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    ich fand den Bericht jetzt auch nicht so schlecht. Klar kritisiert er teilweise, aber auch die pro Meinungen finden durchaus Zustimmung. Man kann evtl. darüber streiten ob die hinführung zum Thema zu lang ist..dennoch glaube ich durchaus, dass der autor eher pro fights ist..aber halt in Maßen statt in Massen. Was ich durchaus für berechtigt halte. Was in der NHL bei NYI vs. PIT zu sehen war..war teilweise wirklich dem Sport unwürdig. Da liefen gezielte, fiese aktionen von beiden Seiten die eigentlich hier nichts zu suchen haben. Und da jetzt bitte nicht falsch verstehen: Ich bin definitiv pro Fights... wenn ich jedoch einen in die Bande donner...der sich verletzt, bzw. unter schmerzen den Arm hält..und ich dann trotzdem beginne drauf loszuprügeln (ohne ende) dann ist das für mich nichtmehr grenzwertig sondern unfair&unsportlich!

    lustig finde ich aber eines der Kommentare unter dem Artikel: Titel: Schlägereien nerven...
    richtig geil wird dieses Kommentar dann aber durch den "Nicknamen" des Autors: Monsterpudel...
    naja...außer einem fetten Grinsen...kein Kommentar =)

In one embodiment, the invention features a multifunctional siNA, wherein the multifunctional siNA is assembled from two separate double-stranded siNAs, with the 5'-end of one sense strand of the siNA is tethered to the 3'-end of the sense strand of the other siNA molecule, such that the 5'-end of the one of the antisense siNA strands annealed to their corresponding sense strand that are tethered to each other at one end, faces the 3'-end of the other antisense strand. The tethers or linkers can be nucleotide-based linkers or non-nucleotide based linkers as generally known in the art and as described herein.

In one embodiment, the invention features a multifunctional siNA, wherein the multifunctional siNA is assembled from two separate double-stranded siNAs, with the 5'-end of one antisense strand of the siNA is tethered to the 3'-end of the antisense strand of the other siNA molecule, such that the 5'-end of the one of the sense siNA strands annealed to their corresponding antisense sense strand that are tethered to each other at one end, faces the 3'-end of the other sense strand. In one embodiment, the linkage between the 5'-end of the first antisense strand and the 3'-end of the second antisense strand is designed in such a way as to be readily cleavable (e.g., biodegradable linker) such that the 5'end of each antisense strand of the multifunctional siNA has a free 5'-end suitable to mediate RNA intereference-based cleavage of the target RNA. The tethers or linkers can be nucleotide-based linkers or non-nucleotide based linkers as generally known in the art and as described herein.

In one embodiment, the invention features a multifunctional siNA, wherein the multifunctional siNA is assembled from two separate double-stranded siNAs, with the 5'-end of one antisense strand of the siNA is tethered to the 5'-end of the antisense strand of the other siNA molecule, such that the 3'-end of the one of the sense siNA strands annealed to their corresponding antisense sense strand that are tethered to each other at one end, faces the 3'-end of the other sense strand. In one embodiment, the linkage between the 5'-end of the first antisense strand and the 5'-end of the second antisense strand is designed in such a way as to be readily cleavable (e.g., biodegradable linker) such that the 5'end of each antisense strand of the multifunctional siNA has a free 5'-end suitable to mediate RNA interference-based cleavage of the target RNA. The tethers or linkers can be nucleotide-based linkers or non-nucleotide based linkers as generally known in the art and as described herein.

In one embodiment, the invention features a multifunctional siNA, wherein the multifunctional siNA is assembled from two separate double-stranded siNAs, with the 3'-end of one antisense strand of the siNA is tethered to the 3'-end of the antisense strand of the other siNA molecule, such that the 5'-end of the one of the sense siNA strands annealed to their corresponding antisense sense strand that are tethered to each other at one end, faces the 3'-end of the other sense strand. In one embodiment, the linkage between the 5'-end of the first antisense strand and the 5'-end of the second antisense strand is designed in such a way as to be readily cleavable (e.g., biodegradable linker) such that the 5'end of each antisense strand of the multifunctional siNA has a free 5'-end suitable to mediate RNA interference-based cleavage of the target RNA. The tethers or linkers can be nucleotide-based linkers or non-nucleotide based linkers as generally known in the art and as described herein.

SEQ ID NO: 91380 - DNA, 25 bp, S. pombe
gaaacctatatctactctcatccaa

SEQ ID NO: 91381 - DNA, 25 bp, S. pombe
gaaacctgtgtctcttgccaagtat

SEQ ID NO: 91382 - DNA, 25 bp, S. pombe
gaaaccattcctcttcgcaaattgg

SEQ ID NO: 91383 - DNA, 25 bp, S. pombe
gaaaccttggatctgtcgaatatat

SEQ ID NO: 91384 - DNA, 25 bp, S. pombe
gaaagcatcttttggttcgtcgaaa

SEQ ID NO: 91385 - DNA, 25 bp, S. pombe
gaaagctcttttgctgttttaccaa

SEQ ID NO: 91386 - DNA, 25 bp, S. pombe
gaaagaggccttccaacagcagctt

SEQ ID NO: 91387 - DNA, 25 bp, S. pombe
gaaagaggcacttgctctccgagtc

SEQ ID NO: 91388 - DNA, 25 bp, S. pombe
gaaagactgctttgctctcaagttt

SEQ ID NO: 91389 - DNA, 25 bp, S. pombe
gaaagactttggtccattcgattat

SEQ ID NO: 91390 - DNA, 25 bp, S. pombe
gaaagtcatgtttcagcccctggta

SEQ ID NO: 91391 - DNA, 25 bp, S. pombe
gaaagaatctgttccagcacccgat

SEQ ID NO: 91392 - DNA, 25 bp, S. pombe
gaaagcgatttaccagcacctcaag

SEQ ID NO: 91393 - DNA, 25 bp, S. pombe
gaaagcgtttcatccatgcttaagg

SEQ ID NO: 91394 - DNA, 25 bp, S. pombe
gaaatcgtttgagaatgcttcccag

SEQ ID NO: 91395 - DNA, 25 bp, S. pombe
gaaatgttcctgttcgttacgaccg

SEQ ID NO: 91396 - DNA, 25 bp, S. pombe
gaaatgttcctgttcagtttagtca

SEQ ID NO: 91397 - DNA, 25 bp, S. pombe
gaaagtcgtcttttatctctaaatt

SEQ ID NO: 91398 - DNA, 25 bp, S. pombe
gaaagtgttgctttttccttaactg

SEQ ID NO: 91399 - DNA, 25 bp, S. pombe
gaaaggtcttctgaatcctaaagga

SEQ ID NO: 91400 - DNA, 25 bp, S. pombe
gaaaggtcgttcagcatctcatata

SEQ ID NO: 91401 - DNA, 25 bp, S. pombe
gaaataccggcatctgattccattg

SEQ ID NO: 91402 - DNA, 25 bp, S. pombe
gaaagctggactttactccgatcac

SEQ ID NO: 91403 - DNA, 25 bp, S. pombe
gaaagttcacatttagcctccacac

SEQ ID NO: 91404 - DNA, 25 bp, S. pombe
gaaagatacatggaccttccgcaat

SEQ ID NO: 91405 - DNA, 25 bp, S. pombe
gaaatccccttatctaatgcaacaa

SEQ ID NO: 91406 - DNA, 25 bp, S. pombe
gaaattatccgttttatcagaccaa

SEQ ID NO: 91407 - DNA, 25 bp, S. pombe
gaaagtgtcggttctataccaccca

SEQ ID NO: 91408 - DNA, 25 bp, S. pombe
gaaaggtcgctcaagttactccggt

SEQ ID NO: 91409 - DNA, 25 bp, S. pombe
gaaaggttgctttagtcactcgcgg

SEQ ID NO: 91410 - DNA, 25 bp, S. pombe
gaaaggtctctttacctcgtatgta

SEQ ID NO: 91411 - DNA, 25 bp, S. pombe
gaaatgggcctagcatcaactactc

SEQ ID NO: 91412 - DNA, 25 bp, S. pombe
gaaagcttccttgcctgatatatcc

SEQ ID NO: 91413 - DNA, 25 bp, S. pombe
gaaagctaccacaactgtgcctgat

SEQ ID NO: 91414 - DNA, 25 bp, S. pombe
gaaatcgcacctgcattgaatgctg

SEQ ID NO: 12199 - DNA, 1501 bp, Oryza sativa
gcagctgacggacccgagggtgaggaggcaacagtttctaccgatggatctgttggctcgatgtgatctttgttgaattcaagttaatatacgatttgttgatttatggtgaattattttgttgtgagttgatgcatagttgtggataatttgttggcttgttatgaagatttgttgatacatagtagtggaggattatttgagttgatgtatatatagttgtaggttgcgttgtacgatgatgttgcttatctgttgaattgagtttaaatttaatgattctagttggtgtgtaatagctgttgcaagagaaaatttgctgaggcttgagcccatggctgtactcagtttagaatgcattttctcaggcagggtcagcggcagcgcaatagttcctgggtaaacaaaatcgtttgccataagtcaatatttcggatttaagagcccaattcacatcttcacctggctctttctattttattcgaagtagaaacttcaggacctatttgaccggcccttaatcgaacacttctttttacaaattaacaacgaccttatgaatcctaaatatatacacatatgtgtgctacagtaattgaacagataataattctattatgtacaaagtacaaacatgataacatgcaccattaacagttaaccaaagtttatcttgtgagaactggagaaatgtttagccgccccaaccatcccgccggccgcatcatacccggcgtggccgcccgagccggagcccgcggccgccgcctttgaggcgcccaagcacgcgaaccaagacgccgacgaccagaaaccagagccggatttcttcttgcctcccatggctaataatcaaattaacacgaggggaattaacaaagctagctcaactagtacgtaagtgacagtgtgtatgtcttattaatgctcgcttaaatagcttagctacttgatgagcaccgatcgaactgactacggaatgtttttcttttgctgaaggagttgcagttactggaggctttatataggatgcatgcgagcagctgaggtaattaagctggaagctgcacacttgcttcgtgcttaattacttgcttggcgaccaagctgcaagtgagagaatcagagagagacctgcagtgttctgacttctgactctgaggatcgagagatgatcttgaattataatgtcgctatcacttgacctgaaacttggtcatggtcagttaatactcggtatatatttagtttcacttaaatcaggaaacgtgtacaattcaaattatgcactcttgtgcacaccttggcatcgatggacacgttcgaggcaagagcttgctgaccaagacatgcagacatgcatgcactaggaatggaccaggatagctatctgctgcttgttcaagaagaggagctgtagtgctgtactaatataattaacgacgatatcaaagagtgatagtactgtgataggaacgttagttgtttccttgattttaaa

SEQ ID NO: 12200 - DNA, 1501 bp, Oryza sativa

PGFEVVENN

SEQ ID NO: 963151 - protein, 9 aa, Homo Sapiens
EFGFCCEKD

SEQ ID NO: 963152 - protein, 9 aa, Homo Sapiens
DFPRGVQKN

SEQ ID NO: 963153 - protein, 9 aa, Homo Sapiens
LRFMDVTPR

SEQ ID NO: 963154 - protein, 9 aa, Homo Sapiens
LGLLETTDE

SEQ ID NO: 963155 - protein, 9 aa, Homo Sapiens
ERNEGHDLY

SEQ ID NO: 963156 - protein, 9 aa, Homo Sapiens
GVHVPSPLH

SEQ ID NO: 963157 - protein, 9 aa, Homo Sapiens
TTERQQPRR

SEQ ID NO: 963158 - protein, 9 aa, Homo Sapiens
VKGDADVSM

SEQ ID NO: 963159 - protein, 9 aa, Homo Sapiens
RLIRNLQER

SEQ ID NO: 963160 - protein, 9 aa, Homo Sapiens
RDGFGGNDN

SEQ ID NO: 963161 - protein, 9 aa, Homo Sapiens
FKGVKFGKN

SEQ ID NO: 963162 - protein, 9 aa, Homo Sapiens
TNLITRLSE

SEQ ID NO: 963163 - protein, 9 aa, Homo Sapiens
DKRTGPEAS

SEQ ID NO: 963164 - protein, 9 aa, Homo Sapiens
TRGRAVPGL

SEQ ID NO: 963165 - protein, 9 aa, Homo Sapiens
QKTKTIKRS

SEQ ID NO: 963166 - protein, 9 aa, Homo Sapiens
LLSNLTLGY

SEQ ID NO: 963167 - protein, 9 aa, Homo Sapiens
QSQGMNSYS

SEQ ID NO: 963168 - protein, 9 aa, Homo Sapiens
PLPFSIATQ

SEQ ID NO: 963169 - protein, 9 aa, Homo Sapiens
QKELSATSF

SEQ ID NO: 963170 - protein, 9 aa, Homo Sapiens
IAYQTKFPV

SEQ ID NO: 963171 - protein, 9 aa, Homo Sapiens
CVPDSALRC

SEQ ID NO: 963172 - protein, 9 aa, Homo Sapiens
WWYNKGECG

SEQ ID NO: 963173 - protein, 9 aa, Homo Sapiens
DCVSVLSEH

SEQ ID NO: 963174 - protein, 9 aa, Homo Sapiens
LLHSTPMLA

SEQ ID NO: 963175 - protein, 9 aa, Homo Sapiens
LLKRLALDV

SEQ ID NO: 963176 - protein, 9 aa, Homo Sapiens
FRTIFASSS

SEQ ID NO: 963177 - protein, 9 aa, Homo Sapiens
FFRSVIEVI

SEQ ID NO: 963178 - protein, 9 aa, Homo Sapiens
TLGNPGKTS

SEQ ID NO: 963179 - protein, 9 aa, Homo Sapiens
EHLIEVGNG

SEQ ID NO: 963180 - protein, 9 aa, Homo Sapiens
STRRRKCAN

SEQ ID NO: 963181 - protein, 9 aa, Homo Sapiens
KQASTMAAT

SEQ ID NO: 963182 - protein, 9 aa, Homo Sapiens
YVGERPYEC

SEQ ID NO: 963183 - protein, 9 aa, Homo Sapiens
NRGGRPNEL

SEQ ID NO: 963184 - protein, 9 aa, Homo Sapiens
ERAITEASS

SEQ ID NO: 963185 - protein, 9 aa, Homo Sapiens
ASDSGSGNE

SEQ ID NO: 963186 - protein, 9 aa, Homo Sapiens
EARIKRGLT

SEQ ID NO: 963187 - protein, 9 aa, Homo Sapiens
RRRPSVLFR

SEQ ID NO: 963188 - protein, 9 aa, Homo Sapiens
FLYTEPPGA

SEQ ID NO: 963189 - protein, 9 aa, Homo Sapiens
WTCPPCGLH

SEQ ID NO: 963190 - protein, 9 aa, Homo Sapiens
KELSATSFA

...semper fi...

  9. #7
    Registrierter Benutzer Avatar von Meeke19
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    so sieht das aus, wenn einer über das gleiche Thema ohne billige Effekthascherei schreibt.....und da geht's wirklich über eine "Prügel-Liga"


    February 28, 2011 - NY Times
    Where Pro Hockey Players Fight to Stay in the Game
    By JEFF Z. KLEIN

    TROIS-RIVIÈRES, Quebec — In a dimly lighted corridor of the dingy, old arena, Donald Brashear, an N.H.L. enforcer for 16 years, said he was playing in the rough and tumble Ligue Nord-Américaine de Hockey because he still loved the game. And though this Quebec league is widely regarded as the world’s toughest, Brashear said he was not in it to fight, but “to play hockey the way I did when I started — making passes, scoring goals.”

    Brashear, 39, the captain of 3L de Rivière-du-Loup, was indeed playing it straight: he had 31 points in 27 games and a fairly reasonable 56 penalty minutes going into last Friday’s game here against Caron & Guay de Trois Rivieres. Sometimes, he said, things “get out of hand,” but that he had been in only one fight all season. “The guy just hung on to me for his life,” he said.

    Three hours later, Brashear was not playing it straight at all. He was on the ice, slugging away, much as he did as one of the more feared players in professional hockey.

    It started late in a 7-2 loss. The Trois-Rivières goalie slashed one of Brashear’s teammates, who was fighting someone else, in the back of the leg. Enter Brashear, who began pounding on the goalie with his gloved hands. Another Trois-Rivières player tried to restrain Brashear, but Brashear went after him as well, continuing to hit him after the player fell to the ice. Somewhere in there he threw a gloved punch at a third player.

    Brashear got free and went back after the goalie. Finally, a linesman tackled him. Then both benches emptied in a scene reminiscent of the “Slap Shot” era of the 1970s.